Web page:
Hill Adjusting Well
Sunday, September 3, 2006
By Nick Wagoner
Soon after signing his rookie contract cornerback Tye Hill proclaimed that he plans on going to the Pro Bowl within two years. But along the way through his first preseason, Hill realized that it’s a long distance to Hawaii.
As physically gifted and talented as Hill is, he knows he has to improve on the finer points of playing in the NFL. Although many expected Hill to start as a rookie, he will enter the regular season working exclusively in nickel and dime sub packages and as a backup to starters Travis Fisher and Fakhir Brown.
“I don’t deserve to start yet so I am not going to lie,” Hill said. “I have to get better. I have to get technique fundamentally sound. That’s the reason why a lot of corners that play 10-12 years, not because they were the fastest or strongest, but because they were technically sound.”
It’s easy to look at Hill’s measurables, such as his blazing speed in the 40-yard dash and impressive vertical leaping ability and think that it will automatically translate to performance on the field.
In fact, Hill was able to become a first-round pick at Clemson mostly because of his physical abilities. In making the leap to the NFL, Hill quickly found out that there’s more to covering elite wide receivers than running and jumping.
“In college it was so easy I could control my receiver and get back on top and run down the ball,” Hill said. “It’s a little different here. It is a little faster, but the guys, they do so many double moves and it’s like stopping and going, stopping and going. That’s the main thing. There aren’t too many people…I don’t think there’s really anybody that can run straight past me.”
When Hill arrived in St. Louis for his first minicamp, he admittedly was a bit star struck by some of the talent around him. Going to work and lining up across from the likes of star receivers Torry Holt and Isaac Bruce proved to be an eye-opening experience.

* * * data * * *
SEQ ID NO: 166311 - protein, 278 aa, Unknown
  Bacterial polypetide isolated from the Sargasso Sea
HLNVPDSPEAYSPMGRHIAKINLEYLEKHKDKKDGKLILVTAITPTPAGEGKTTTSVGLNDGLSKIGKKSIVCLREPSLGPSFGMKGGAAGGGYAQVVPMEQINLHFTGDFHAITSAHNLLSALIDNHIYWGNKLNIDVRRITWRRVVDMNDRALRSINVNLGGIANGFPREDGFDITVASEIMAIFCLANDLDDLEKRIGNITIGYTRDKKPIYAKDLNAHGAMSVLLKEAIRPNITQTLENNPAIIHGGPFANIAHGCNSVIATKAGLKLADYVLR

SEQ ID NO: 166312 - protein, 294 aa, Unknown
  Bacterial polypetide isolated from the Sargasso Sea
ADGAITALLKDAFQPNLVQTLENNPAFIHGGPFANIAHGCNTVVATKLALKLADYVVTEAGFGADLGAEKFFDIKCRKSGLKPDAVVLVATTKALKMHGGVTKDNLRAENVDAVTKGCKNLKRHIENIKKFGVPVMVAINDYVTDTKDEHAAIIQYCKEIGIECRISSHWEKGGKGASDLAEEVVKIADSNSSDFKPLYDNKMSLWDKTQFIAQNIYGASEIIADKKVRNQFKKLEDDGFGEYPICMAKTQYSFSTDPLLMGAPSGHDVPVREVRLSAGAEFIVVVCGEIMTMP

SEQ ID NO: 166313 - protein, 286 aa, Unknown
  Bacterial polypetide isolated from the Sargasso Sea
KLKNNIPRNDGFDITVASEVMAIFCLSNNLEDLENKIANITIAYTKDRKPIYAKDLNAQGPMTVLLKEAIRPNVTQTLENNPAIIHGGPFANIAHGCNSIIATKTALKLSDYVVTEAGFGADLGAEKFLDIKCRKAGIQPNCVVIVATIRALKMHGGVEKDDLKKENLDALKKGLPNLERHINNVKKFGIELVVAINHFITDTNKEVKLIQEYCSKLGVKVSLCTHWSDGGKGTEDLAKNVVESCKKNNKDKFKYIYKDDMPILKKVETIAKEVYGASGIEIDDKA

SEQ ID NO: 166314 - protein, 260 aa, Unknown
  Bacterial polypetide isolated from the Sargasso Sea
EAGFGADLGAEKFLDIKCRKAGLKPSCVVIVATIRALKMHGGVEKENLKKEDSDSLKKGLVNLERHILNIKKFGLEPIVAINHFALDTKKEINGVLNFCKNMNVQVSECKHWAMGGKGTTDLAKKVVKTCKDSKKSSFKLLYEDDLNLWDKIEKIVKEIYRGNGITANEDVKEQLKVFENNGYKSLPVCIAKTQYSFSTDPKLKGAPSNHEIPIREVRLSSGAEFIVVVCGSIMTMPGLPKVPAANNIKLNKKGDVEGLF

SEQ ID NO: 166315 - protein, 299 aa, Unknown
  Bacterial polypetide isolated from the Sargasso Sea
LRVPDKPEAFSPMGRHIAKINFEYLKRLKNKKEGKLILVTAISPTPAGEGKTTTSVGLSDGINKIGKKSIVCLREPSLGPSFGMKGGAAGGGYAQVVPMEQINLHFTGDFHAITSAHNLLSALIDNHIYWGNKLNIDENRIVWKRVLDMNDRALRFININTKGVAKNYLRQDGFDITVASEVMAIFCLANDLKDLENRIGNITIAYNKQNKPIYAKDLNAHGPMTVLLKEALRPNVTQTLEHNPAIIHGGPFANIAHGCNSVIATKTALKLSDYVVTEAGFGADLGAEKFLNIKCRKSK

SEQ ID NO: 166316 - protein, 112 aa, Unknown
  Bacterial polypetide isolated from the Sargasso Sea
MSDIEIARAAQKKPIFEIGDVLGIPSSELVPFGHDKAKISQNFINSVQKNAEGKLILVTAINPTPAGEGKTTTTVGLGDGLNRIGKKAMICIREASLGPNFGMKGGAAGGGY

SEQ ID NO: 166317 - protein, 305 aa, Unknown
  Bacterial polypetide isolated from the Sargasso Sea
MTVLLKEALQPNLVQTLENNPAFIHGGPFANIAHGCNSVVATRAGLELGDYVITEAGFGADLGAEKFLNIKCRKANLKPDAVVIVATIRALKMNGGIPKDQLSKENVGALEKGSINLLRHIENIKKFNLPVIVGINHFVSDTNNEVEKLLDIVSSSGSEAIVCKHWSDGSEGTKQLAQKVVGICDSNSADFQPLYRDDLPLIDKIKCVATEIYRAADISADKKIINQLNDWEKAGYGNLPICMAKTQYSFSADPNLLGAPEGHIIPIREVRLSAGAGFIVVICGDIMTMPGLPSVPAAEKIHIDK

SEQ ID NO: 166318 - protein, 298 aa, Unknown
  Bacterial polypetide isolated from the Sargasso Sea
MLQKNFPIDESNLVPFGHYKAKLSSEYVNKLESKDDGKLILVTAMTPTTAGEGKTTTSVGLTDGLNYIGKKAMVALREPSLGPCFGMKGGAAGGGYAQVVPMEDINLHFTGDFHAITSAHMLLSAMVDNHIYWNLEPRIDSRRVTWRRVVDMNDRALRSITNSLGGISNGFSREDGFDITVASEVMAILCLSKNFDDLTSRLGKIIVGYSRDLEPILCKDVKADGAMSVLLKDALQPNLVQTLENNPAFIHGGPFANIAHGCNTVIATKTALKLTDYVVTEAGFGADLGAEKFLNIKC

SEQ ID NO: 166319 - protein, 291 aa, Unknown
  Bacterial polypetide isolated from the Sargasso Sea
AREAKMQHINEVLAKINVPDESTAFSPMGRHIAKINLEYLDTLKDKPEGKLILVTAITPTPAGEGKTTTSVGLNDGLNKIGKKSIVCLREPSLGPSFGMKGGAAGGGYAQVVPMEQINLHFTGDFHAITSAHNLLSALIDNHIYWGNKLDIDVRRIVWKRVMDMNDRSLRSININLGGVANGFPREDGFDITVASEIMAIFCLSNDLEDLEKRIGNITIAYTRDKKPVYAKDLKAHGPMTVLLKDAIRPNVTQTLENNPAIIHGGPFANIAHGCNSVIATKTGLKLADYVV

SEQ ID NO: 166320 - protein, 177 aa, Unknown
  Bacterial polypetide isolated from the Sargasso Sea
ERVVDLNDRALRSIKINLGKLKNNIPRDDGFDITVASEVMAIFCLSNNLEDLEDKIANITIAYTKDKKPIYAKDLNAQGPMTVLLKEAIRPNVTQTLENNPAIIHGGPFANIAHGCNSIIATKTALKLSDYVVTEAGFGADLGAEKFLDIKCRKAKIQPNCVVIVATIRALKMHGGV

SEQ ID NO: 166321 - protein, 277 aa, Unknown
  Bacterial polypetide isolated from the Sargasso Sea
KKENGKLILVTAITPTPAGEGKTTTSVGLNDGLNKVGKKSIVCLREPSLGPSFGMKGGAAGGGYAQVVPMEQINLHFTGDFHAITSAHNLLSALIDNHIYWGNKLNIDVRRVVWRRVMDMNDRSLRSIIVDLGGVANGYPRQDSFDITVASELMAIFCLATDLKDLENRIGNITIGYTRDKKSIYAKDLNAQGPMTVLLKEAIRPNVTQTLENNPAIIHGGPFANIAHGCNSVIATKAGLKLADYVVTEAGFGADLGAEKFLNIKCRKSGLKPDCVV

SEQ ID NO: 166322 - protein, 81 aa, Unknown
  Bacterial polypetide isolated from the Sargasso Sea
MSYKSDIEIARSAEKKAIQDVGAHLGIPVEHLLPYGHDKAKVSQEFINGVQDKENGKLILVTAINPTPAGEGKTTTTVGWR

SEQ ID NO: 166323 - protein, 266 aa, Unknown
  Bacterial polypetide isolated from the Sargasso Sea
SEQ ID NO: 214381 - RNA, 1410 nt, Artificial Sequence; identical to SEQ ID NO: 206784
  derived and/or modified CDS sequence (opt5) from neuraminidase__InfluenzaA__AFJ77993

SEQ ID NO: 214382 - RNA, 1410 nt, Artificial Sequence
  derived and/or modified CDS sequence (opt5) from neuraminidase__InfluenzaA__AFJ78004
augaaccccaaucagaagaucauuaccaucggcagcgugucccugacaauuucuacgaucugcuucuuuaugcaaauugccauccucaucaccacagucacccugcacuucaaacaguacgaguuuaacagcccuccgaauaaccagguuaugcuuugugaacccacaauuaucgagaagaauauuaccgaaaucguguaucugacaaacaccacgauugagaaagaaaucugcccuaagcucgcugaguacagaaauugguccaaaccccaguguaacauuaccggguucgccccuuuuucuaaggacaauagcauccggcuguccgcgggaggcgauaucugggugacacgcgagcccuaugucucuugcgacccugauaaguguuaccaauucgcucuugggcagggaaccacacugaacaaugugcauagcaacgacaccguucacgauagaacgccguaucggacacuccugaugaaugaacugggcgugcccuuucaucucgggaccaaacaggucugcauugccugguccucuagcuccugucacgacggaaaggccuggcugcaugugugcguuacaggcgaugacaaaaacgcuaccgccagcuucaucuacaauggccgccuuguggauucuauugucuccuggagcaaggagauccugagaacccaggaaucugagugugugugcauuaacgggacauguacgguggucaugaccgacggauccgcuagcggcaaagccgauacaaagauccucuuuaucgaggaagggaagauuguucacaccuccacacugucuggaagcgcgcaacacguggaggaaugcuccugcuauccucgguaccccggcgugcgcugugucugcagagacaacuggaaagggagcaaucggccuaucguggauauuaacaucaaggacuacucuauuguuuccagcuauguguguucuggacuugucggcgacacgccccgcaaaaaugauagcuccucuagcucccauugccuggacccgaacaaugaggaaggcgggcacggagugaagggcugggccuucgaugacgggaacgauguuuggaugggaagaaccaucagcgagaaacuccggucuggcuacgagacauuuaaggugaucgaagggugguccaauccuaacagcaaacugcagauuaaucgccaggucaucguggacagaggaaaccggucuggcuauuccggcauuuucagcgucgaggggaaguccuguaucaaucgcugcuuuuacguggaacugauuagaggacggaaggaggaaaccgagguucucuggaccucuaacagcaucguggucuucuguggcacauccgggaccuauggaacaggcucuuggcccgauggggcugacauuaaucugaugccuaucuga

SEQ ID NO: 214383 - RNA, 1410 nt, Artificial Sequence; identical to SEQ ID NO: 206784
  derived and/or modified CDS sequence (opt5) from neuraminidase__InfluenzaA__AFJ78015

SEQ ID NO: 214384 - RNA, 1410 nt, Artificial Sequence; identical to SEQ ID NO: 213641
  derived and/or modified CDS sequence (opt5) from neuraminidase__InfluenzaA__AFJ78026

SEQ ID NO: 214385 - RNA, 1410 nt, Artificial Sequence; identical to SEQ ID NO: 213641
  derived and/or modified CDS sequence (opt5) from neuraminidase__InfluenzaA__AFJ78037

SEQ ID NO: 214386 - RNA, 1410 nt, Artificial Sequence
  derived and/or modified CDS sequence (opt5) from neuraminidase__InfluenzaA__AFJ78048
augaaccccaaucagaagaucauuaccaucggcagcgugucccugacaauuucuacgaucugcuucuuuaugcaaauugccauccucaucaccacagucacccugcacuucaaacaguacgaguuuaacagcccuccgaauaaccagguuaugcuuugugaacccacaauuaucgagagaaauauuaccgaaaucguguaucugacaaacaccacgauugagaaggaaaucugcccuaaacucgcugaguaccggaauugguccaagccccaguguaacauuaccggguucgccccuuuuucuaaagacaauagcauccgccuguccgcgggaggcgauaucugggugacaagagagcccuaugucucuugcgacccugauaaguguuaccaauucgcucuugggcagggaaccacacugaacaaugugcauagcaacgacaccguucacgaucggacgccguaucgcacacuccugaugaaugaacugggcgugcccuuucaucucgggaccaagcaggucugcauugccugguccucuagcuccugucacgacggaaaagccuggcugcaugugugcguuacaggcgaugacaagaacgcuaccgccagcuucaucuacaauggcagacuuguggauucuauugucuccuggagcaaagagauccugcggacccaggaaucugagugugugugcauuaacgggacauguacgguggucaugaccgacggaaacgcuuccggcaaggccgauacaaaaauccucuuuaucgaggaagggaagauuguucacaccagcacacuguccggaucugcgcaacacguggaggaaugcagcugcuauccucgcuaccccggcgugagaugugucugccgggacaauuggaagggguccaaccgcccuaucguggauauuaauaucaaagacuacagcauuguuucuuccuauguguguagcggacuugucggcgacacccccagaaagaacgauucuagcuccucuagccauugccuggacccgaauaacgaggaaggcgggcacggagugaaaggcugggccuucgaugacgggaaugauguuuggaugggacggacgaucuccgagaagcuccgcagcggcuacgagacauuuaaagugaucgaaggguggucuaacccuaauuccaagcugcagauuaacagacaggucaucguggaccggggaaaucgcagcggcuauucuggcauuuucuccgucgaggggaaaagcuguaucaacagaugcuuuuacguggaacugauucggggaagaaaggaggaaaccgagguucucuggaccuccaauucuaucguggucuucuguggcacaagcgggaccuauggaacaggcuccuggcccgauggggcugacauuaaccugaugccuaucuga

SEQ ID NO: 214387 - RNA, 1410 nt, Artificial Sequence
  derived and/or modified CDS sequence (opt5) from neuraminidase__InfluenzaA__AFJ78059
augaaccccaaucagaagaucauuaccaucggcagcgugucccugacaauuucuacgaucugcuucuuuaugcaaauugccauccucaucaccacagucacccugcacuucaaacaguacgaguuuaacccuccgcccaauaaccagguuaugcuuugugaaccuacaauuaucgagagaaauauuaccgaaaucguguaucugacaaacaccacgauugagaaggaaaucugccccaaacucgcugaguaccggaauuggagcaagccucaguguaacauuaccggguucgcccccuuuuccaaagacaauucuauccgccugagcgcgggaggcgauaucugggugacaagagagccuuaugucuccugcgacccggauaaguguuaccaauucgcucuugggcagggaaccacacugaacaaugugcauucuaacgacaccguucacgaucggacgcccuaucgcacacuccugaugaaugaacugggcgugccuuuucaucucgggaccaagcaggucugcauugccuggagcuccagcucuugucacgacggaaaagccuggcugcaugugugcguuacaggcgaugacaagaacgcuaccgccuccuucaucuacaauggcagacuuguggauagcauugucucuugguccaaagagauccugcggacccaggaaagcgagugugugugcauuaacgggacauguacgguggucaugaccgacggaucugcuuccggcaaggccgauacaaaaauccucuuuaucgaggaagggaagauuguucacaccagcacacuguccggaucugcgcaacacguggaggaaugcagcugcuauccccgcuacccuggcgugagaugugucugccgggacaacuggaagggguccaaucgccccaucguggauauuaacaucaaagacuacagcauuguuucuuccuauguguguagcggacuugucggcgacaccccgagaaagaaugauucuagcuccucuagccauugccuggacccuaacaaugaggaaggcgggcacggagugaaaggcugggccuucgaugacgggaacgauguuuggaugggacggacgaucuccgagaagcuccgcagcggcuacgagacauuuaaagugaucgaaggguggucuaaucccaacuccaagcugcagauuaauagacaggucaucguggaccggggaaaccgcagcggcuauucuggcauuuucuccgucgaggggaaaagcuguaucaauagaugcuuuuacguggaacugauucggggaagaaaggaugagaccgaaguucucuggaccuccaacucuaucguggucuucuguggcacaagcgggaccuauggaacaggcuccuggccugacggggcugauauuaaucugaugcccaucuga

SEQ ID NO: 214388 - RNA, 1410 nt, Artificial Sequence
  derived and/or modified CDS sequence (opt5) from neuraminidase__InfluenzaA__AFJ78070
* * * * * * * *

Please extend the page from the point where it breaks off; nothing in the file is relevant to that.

But Hill has worked past that.
“I am very comfortable,” Hill said. “As far as that, I see them as every-day guys now. Being able to work with those guys and for them to help me with my game get better is going to be really good for me in the long run. It’s going to help me mature faster, I think.”
After a short holdout to start camp, Hill arrived with plenty of expectations for himself. Once again, though, things didn’t go exactly as planned.
Hill struggled to catch up after missing four and a half days and six practices. In his first practice, he fared OK against some of the receivers lower on the depth chart, but was later turned inside out by Holt on a double move.
As camp continued, though, Hill continued to battle and, according to defensive coordinator Jim Haslett, Hill improved every day.
“Tye is fitting in,” Haslett said. “He is getting better. He struggled when he got here. Now, he is picking it up.”
Hill has continued to be up and down as he learns the little aspects of playing his position. For instance, Hill said he has a tendency to peek into the backfield and watch the quarterback instead of staying with his receiver.
At Clemson, that was OK because Hill could recover easily with his speed. At this level, it’s not that simple.
“I have to work on my eyes and stop looking back for the ball,” Hill said. “When I am playing man (coverage), I am playing man. That’s one thing I really have to control.”
Hill is also working to better control his arms and hands in press coverage. After his first game, Haslett and coach Scott Linehan made reference to Hill’s “flailing” arms. Hill has since corrected that problem for the most part, but he knows he needs to find the consistency that Linehan seeks.
“I don’t know how far away I am from being a starter, but as far as being where I need to be technically I am not that far away,” Hill said. “It’s little things and it’s all really a mind thing. I’m not that far away, it’s doing it every down. I am doing it, I am technically sound, I am just not technically sound every play like I need to be.”
For most of the preseason, Hill was a popular target for opposing teams. Time and again, opponents would throw in Hill’s direction. Perhaps the most impressive part of Hill’s camp was his resilience. In that aspect, he has showed the proper short memory that a cornerback must have.
Still, Hill expects teams to continue to throw at him until he proves that his side of the field is a dangerous place.
“I’m going to get tested all year until I prove that I belong and I can prove I can stop what they are trying to do,” Hill said. “Until I intercept some balls and really climb that ladder to be where I need to be, they are going to test me. I am prepared for it.”
Re: Hill Adjusting Well
I like how he is improving everyday, and he is very selfaware(sp?) and next year i think he will probably be our #2 corner.